How did the title "political boss" come into the language?
The answer lies in our family history: Hugh McLaughlin was the boss of Brooklyn. Through his use of the title, “political boss” entered the political lexicon. He had been the boss of a work gang at the Brooklyn Navy Yard (a political job) before becoming the head of the Democratic party in the City of Brooklyn. He liked being called “boss” and continued the title after his elevation.
He used his influence to insure that he had a piece of the action when the Brooklyn Bridge was built. My grand grandmother (his sister?) was on the Brooklyn Bridge when it opened. he presided over the consolation of Brooklyn into Greater New York and did very nicely, thank you.
Hugh McLaughlin, the boss's father, was among those who organized the building of the first Catholic church in Brooklyn (St. James Cathedral.) The Brooklyn Eagle tells us, "On July 25, 1822, the cornerstone was laid for Brooklyn’s oldest Roman Catholic Church, St. James Cathedral-Basilica at 248 Jay Street." The boss's daughter married a Dr. Roach as reported in the New York Times on October 26, 1899: "MISS McLAUGHLIN WEDS.; Daughter of Hugh McLaughlin Becomes the Wife of Dr. James A. Roache of Brooklyn."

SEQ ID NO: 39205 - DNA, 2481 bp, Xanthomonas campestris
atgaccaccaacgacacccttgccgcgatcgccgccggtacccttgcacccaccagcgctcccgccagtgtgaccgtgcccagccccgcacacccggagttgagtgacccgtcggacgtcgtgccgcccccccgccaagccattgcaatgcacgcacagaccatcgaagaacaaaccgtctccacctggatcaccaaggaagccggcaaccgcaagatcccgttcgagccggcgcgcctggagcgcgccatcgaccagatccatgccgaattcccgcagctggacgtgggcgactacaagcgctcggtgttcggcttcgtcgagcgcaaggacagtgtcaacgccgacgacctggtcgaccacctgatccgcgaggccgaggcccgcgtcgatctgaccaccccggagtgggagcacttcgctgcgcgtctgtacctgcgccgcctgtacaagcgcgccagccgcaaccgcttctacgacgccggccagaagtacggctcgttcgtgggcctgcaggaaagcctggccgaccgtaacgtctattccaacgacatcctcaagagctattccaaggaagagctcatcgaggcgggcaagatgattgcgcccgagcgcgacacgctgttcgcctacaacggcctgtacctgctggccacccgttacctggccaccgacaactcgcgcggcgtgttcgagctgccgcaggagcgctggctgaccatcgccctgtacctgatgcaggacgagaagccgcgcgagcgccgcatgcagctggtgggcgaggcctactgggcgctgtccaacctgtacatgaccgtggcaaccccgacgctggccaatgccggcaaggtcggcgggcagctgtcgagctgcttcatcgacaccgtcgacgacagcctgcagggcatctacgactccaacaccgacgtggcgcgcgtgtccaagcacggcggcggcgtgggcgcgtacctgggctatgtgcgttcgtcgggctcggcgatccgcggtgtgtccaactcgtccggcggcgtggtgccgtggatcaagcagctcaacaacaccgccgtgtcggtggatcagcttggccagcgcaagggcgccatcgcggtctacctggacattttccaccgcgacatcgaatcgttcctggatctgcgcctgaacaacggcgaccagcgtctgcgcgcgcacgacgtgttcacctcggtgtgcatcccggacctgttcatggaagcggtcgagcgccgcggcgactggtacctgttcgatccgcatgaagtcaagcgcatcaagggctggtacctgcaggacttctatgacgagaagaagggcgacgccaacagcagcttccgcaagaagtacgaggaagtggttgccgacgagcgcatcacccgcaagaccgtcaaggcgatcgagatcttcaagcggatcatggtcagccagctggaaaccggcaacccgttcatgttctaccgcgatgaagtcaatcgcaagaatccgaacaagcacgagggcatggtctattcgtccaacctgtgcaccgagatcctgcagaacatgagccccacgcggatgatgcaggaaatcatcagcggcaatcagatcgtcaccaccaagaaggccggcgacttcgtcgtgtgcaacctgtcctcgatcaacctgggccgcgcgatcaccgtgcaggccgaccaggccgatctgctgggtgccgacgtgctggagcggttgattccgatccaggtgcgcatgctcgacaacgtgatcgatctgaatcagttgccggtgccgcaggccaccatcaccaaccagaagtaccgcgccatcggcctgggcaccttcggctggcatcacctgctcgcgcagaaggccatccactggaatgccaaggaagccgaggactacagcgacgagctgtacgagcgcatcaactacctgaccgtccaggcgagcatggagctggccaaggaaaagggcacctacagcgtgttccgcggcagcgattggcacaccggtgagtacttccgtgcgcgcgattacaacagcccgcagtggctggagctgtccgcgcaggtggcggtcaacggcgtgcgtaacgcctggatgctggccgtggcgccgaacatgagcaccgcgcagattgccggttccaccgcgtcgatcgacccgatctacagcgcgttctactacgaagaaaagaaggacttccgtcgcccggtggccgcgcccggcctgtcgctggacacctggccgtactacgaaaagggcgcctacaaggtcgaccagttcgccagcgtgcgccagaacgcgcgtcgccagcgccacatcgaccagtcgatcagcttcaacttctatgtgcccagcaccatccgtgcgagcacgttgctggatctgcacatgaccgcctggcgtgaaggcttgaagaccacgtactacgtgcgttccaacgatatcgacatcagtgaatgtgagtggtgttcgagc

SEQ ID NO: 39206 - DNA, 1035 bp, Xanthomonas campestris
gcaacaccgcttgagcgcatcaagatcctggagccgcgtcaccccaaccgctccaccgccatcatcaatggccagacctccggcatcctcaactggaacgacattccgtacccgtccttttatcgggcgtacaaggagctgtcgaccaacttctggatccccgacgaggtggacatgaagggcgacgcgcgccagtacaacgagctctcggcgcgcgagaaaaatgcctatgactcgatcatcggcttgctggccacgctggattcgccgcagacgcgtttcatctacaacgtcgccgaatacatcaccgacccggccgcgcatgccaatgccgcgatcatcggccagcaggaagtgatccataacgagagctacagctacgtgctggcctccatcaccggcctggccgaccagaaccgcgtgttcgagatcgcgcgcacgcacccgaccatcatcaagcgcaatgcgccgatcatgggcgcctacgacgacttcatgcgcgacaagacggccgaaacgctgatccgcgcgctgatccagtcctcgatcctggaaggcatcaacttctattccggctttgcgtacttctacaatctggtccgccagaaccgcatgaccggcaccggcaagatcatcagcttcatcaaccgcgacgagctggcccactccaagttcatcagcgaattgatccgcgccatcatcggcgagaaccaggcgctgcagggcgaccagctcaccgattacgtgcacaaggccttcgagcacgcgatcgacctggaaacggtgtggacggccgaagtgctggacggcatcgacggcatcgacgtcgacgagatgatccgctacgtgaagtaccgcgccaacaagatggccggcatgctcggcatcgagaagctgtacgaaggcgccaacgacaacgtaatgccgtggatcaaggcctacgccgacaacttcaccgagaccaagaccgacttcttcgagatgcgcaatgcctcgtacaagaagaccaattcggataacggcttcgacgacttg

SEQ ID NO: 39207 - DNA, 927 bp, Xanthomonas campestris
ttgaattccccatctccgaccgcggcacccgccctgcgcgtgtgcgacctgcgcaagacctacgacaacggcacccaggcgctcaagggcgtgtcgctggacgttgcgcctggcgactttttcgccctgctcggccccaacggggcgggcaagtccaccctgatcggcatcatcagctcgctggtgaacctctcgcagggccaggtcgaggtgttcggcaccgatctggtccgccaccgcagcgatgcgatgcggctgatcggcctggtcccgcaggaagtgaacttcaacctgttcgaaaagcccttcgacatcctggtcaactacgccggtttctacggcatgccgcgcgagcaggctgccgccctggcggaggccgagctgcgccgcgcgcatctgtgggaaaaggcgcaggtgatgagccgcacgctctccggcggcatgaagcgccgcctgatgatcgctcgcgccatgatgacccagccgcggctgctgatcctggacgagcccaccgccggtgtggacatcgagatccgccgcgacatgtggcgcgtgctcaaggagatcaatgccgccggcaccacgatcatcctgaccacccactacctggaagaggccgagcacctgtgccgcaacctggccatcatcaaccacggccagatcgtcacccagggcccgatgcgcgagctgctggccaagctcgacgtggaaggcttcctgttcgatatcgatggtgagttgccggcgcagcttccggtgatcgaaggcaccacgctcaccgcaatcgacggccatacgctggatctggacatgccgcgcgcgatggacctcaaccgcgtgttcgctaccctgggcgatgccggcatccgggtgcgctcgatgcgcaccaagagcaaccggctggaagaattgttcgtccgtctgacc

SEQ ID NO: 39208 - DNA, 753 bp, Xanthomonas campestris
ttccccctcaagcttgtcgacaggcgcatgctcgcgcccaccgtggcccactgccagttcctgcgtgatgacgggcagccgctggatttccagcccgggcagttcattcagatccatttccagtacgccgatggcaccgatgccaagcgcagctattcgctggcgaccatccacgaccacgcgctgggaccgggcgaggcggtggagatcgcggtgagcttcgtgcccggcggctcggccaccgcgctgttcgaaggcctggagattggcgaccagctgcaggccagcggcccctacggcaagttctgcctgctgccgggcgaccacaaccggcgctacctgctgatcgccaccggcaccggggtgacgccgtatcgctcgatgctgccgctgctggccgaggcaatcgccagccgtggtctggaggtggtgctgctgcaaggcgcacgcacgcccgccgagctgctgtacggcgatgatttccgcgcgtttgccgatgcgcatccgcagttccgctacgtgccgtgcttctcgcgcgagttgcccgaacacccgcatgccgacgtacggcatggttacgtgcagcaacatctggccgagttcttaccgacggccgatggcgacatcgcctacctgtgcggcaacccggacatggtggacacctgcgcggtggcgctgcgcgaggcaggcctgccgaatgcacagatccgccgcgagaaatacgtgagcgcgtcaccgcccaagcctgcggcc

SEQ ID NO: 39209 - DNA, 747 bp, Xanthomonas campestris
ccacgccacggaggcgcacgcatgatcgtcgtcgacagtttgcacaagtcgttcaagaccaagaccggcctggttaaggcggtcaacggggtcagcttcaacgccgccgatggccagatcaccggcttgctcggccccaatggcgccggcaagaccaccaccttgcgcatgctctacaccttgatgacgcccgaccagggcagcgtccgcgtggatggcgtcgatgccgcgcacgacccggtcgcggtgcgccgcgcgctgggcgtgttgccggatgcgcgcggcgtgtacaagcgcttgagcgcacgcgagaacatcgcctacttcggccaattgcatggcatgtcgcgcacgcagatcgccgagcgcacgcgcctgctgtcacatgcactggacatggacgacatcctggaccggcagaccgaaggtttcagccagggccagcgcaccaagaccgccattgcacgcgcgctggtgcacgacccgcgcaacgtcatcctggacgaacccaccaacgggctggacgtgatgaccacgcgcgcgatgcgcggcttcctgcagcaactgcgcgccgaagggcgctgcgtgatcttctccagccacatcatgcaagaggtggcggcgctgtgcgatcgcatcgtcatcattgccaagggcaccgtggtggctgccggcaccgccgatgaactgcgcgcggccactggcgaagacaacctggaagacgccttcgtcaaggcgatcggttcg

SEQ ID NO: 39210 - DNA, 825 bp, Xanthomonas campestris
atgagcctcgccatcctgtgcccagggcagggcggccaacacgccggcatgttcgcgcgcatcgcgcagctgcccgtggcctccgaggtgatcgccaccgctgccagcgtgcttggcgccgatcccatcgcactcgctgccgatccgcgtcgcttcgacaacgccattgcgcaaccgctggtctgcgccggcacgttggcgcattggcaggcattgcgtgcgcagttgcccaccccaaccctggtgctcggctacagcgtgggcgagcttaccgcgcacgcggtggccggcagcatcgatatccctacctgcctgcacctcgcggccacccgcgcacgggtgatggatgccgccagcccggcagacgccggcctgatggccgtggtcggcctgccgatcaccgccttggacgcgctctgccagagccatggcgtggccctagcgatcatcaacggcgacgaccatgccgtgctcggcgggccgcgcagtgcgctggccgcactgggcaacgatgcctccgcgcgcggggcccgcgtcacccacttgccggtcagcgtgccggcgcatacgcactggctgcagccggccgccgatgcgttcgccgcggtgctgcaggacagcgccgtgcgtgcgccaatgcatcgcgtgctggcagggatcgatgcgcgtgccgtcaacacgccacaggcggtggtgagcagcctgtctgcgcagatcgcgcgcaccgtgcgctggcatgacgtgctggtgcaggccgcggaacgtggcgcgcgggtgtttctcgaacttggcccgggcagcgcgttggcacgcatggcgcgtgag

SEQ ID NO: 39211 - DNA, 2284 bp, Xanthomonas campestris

You can find a cartoon of his downfall on the internet. The Catholic Encyclopedia mentions him as one of the Diocese of Brooklyn's benefactors (perhaps it refers to his father).